Dharmodgata A bodhisattva described in the Wisdom sutras. He preached on the perfection of wisdom, and those who listened to his teaching and embraced it never fell into the evil paths. From Dharmodgata, Bodhisattva Ever Wailing learned the teaching of the perfection of wisdom and acquired supreme wisdom, thus accomplishing the perfection of wisdom. In the Wisdom sutras, Bodhisattva Dharmodgata is described as a “good friend” (Jpn zen-chishiki) who acts to lead Bodhisattva Ever Wailing to enlightenment lifetime after lifetime.
dhūta (Skt) A discipline or ascetic practice intended to purify the body and mind and quell the desire for food, clothing, and shelter. The Sanskrit word dhūta means shaken off, removed, or abandoned. In Buddhism it indicates shaking off the “dust” or defilement of desires and illusions. Buddhist texts set forth twelve disciplines for obtaining release from attachments to food, clothing, and dwelling. They are known as the twelvefold dhūta practice or twelve dhūtas and include such practices as living in a quiet and secluded place, eating only food received through begging, eating only once a day, and wearing only robes made from rags. Among Shakyamuni’s ten major disciples, Mahākāshyapa was known as foremost in the dhūta practice.
Diamond Crown Sutra One of the principal scriptures of Esoteric Buddhism. While the Mahāvairochana Sutra reveals the teaching of the Womb Realm, the Diamond Crown Sutra expounds the teaching of the Diamond Realm, on which the Diamond Realm mandala is based.
Diamond Realm Also, Diamond World. A realm described in the Diamond Crown Sutra, a central scripture of Esoteric Buddhism. The Sanskrit term is vajradhātu, “vajra” meaning diamond, which symbolizes strength, imperviousness, and purity, and “dhātu” meaning realm or world. The Diamond Realm represents the wisdom of Mahāvairochana Buddha, while the Womb Realm described in the Mahāvairochana Sutra represents the essential truth that is identical with Mahāvairochana Buddha. The power and purity of Mahāvairochana’s wisdom, said to be capable of destroying delusion, is compared to the hardness and clarity of a diamond. In Esoteric Buddhism, both realms are considered two aspects of essential reality and are depicted as mandalas, which are revered particularly in the Japanese True Word school.
Diamond Realm mandala Also, the Diamond World mandala. A mandala of the True Word school. The Diamond Realm, described in the Diamond Crown Sutra, represents the wisdom of Mahāvairochana Buddha, while the Womb Realm, described in the Mahāvairochana Sutra, represents the fundamental truth illuminated by this wisdom. The Diamond Realm and Womb Realm mandalas are central to the esoteric rituals of the True Word school. The Diamond Realm mandala is generally depicted as a square divided into nine square sections, the central section picturing Mahāvairochana Buddha.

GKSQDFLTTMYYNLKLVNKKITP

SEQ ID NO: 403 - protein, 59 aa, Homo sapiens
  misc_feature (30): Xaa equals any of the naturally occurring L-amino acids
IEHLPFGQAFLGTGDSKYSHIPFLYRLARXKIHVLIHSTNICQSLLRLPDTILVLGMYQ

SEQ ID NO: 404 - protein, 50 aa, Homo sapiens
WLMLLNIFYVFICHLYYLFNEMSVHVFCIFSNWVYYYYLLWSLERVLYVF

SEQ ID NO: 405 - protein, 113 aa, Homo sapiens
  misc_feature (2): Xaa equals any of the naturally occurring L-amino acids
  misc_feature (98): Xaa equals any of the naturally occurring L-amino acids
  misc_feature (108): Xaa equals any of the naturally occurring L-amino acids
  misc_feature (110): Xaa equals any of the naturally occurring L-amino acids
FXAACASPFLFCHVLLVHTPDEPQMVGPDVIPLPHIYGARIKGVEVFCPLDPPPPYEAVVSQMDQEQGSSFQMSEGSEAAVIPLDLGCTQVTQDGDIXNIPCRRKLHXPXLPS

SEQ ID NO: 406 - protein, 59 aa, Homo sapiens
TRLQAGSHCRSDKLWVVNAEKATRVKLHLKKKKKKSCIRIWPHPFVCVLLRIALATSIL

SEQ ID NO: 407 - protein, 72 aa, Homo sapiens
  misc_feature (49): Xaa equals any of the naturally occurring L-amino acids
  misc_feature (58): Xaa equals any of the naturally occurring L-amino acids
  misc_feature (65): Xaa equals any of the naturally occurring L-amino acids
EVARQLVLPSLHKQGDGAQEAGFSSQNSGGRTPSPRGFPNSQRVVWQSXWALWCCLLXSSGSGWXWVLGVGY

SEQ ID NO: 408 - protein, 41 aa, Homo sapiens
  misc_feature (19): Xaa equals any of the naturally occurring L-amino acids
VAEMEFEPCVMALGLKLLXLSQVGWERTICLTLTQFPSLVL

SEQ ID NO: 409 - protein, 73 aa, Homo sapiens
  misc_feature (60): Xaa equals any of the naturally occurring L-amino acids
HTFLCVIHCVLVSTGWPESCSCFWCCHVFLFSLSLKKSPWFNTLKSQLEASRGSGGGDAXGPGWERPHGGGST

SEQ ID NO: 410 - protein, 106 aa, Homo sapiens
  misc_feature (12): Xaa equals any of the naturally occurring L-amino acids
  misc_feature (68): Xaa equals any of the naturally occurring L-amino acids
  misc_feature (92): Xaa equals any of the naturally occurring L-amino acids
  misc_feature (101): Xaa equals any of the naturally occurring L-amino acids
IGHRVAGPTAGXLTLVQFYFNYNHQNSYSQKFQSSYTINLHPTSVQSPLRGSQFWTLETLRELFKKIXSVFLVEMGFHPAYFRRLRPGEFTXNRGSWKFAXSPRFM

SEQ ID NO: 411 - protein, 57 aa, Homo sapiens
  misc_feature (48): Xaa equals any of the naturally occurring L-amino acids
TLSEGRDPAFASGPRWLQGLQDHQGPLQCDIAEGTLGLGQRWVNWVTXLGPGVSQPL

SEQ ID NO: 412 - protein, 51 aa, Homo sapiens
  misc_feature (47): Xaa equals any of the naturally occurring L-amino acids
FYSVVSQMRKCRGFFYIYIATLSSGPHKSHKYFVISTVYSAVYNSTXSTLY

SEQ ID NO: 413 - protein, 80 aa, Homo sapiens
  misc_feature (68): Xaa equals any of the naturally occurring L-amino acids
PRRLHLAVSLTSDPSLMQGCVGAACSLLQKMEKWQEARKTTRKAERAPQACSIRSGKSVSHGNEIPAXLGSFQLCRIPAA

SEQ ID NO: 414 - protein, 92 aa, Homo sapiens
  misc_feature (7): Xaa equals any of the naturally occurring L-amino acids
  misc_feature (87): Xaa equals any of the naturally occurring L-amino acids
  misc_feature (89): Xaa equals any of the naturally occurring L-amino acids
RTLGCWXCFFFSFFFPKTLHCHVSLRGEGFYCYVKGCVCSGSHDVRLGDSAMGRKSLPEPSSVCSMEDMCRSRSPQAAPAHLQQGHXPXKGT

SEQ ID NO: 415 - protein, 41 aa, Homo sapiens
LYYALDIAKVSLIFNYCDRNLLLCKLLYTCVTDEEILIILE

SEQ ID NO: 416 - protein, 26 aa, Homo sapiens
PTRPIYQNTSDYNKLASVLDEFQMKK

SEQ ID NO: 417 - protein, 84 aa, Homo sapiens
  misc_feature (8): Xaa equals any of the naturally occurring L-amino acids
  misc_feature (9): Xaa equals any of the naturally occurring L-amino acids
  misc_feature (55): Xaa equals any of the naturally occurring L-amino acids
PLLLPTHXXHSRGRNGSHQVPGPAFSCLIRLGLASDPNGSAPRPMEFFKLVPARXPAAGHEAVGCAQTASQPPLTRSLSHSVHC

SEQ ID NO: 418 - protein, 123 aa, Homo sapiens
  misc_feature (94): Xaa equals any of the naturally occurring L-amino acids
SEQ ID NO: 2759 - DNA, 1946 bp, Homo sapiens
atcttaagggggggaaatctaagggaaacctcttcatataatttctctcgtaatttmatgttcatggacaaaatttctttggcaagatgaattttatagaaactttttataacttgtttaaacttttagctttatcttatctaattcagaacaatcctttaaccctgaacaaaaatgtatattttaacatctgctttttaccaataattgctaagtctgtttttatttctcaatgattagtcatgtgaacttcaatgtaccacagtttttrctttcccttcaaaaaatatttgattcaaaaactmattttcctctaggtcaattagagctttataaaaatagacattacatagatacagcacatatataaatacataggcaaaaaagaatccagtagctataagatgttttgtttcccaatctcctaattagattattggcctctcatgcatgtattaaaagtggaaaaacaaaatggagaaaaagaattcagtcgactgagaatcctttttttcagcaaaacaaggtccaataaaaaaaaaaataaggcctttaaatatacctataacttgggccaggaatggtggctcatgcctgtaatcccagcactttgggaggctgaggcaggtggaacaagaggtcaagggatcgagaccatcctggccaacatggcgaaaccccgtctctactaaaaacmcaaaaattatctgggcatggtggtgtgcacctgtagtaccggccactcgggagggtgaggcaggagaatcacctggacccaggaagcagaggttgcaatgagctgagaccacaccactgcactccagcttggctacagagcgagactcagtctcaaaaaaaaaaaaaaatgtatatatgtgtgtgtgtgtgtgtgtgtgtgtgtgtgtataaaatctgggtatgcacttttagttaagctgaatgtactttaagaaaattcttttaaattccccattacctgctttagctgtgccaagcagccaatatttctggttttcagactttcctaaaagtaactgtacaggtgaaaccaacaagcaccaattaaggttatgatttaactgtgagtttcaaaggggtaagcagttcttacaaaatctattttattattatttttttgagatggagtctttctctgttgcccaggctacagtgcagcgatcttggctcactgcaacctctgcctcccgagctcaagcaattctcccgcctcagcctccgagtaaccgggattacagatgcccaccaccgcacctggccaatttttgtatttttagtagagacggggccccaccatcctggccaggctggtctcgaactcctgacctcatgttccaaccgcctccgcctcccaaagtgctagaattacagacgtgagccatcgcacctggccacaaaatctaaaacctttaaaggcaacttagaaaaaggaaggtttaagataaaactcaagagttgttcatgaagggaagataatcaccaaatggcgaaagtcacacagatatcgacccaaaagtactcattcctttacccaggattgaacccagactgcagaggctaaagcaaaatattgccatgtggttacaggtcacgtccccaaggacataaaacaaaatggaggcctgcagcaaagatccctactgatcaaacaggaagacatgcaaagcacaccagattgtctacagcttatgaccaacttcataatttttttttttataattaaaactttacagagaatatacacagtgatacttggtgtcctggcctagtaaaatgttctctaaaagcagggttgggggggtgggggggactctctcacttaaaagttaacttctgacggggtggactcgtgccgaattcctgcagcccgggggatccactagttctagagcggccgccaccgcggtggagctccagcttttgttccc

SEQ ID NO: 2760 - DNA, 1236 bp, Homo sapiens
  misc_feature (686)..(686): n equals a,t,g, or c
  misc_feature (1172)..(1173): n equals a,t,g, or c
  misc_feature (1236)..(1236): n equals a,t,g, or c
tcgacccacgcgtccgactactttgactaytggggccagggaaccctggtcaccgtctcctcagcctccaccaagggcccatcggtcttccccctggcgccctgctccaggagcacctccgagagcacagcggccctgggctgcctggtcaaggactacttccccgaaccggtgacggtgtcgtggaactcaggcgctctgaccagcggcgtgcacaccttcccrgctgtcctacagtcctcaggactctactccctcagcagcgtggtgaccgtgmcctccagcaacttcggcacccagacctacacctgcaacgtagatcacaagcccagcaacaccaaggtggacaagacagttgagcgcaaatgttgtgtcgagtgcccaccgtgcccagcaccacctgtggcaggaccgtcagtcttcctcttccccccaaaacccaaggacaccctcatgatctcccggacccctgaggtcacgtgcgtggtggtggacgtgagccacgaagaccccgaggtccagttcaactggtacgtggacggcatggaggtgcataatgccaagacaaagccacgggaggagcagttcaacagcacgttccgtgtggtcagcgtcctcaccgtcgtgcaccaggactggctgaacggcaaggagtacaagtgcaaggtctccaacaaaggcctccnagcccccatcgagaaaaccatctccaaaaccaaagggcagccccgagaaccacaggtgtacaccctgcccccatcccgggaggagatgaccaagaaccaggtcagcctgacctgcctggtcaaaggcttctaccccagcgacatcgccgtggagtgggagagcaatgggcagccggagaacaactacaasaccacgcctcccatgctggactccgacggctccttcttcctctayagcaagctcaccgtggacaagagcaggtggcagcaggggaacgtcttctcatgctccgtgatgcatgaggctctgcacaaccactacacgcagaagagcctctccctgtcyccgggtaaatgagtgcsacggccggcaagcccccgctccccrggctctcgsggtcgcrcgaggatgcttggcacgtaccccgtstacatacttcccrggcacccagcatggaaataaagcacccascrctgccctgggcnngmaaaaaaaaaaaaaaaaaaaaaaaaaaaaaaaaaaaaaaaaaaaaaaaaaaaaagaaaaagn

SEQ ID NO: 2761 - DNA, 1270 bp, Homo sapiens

Diamond Scalpel, The A work by Miao-lo (711–782) intended to clarify the supremacy of T’ien-t’ai’s teaching and restore the T’ien-t’ai school by refuting the doctrines of the Flower Garland, Dharma Characteristics, and Zen schools, which prospered in China after T’ien-t’ai. The title derives from a passage in the “Nature of the Thus Come One” chapter of the Chinese version of the Mahāparinirvāna Sutra, which refers to a diamond scalpel used by an excellent physician to cure the eyes of the blind. In this context, the title “diamond scalpel” indicates removing the delusions that blind people to the truth. Employing a question-and-answer format, Miao-lo in this treatise upholds the doctrine that insentient beings possess the Buddha nature, denying the Flower Garland position to the contrary. He also rejects the Dharma Characteristics doctrine that certain categories of people are by nature forever incapable of attaining Buddhahood, citing the Lotus Sutra teaching that Buddhahood is accessible to all.
Diamond Wisdom Sutra A sutra that teaches that one should rely upon one’s innate Buddha wisdom, which is as solid, sharp, and brilliant as a diamond. This sutra is set in Jetavana Monastery in Shrāvastī and records Shakyamuni’s discourse with Subhūti on the constant flux of all phenomena and the doctrine of non-substantiality.
difficult-to-practice way Together with the “easy-to-practice way,” one of two ways of Buddhist practice mentioned in Nāgārjuna’s Commentary on the Ten Stages Sutra. The difficult-to-practice way means the exertion of strenuous effort in austere practices for countless kalpas in order to attain enlightenment. The “Easy Practice” chapter of this commentary emphasizes salvation by the power of Buddhas, saying that one can be reborn in a pure land by calling on their names. The Pure Land school interprets the difficult-to-practice way as the practice of any sutra other than the three basic sutras of that school, and the easy-to-practice way as that of calling upon the name of Amida Buddha, relying upon his power of salvation to attain enlightenment.
Dignāga (n.d.) An Indian scholar of the Consciousness-Only school who lived from the fifth through the sixth century. He was also a scholar of Buddhist logic.